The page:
Because life, even with a serious illness like multiple myeloma, is a marathon worth running.

Millions of Americans, in Minnesota and elsewhere, share the growing concern about the cost of health care, whether it’s insurance premiums, hospitalization or prescription drugs. Yet it is crucial that any reforms don’t jeopardize the health of patients with life-threatening illnesses — patients like me.

I have a legitimate reason to fear this. A health care think tank, the Institute for Clinical and Economic Review (ICER), is looking at treatment costs for the disease I have — multiple myeloma, a rare cancer of cells in the bone marrow. My concern is that ICER is right now developing an analysis — first for my disease, then for others — that focuses solely on drug costs. Health care companies and federal policymakers will likely use it to deny treatment they deem too expensive.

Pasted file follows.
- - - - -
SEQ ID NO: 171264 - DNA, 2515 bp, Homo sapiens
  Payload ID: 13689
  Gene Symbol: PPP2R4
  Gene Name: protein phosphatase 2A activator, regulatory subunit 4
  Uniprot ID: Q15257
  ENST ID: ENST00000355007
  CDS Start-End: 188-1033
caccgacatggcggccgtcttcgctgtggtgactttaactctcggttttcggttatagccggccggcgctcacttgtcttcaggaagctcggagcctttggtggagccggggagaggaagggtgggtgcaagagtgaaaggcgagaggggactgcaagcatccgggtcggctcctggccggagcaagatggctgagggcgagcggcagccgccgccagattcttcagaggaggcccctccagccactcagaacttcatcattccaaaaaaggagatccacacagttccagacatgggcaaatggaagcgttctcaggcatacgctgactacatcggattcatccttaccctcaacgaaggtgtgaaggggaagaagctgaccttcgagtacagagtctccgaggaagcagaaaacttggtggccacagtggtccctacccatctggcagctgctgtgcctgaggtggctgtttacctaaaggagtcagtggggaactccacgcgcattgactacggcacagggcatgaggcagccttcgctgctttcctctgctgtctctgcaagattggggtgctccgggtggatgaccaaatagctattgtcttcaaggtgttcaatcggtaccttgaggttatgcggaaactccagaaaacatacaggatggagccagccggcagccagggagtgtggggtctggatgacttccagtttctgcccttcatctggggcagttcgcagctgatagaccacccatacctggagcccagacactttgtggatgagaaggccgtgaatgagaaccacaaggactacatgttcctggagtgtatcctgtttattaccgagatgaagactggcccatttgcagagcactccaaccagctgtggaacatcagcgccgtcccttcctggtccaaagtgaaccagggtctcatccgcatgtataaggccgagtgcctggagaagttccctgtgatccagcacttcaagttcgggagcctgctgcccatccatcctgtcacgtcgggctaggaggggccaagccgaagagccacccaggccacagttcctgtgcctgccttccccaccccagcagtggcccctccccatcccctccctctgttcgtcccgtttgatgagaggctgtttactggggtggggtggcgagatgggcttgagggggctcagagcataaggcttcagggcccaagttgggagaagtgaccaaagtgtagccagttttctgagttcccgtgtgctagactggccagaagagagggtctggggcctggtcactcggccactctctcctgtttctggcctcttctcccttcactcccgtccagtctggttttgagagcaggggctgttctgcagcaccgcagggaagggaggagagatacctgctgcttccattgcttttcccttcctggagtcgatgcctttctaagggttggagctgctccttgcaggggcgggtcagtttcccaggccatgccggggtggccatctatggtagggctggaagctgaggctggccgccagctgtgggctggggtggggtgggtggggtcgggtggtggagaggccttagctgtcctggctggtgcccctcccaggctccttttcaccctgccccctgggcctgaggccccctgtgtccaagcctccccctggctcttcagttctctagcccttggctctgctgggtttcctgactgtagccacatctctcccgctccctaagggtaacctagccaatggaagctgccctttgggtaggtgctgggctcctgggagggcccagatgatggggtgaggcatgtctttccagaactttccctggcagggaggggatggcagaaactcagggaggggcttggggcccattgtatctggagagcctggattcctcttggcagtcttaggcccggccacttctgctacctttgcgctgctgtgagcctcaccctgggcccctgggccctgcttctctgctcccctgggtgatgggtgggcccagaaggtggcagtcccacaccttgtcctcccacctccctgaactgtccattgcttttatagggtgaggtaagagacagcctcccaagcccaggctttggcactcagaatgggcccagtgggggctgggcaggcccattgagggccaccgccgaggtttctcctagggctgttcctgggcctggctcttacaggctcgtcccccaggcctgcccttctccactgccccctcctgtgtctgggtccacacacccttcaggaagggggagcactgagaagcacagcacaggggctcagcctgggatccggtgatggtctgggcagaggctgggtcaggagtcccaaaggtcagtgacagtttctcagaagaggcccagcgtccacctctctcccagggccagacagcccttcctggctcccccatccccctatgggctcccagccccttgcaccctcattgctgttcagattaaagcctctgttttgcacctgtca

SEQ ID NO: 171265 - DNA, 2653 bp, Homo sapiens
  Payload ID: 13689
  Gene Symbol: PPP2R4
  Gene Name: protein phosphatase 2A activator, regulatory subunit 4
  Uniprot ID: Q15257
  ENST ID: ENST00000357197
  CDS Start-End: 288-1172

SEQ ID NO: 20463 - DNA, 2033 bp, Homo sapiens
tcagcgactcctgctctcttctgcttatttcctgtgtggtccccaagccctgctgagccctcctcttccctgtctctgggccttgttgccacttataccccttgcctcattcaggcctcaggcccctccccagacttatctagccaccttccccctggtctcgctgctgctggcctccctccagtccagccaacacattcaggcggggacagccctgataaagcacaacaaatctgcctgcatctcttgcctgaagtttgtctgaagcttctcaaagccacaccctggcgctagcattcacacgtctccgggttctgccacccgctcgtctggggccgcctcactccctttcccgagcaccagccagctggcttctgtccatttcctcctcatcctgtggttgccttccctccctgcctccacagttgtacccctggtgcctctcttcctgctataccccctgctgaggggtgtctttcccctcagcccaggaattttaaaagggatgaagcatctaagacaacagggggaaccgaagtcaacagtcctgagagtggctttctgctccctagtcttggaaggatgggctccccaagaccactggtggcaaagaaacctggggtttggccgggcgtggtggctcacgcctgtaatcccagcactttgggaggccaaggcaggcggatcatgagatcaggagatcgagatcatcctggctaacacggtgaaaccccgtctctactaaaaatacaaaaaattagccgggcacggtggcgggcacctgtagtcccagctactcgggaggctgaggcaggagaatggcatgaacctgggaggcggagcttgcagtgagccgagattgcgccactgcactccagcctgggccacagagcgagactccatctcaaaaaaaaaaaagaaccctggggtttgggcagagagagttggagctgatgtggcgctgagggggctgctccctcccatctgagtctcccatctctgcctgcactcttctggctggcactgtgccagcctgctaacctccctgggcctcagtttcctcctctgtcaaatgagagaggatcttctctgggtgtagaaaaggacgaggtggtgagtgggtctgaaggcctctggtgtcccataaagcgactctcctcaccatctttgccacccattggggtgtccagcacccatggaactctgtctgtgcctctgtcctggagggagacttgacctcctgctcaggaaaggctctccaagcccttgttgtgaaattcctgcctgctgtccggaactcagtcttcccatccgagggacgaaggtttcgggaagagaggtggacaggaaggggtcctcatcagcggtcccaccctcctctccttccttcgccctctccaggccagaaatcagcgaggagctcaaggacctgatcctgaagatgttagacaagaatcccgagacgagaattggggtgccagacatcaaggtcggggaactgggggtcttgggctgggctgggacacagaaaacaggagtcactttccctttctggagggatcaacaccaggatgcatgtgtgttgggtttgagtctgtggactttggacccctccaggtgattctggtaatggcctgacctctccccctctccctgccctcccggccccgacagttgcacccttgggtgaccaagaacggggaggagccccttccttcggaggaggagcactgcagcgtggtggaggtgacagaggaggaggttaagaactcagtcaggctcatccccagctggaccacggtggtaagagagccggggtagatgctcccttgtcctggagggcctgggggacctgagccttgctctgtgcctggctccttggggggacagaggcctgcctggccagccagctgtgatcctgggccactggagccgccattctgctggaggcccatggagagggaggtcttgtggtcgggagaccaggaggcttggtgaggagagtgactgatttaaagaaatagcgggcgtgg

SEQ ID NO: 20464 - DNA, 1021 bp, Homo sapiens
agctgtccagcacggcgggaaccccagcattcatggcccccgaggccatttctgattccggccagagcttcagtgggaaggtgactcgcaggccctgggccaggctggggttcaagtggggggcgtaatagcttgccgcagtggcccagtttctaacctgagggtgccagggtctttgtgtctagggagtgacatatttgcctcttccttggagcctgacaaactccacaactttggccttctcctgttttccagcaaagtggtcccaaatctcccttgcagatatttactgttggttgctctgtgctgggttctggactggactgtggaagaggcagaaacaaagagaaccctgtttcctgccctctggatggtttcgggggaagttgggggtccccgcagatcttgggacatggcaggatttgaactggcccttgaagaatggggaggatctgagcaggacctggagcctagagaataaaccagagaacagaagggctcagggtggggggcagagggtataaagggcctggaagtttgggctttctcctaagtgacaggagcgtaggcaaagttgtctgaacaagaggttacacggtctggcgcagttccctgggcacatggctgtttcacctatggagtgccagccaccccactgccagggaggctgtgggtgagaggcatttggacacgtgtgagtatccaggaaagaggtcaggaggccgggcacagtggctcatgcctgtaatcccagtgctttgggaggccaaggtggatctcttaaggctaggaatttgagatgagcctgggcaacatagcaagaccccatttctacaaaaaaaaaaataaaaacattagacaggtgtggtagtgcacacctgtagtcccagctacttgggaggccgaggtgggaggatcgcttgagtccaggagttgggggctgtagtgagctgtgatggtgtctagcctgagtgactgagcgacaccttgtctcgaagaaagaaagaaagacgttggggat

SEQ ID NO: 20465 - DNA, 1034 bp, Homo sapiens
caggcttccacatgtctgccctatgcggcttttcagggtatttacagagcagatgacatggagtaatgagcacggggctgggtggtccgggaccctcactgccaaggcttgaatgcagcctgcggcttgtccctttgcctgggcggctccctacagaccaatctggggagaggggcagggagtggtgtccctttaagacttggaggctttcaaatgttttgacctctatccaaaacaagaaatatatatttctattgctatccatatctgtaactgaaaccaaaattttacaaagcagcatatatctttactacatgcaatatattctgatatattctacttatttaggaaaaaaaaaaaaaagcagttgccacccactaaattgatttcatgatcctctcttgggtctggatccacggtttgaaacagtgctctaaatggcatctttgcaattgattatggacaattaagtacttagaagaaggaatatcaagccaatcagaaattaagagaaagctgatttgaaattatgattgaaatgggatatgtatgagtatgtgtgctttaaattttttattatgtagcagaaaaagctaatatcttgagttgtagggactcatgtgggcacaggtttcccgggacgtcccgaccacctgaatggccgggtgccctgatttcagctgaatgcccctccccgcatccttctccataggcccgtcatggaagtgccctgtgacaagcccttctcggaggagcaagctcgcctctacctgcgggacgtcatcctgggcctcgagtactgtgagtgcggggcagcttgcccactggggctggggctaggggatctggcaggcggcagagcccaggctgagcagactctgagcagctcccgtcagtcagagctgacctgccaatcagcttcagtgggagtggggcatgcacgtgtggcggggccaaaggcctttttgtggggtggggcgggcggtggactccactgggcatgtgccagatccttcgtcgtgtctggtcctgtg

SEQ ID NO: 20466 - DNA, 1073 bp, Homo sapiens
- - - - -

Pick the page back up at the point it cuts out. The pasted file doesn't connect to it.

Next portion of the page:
It’s called a “value framework.” The one for my disease will be on full display this Thursday, after which the group will begin releasing similar frameworks for other life-threatening illnesses, including lung cancer, multiple sclerosis and more.

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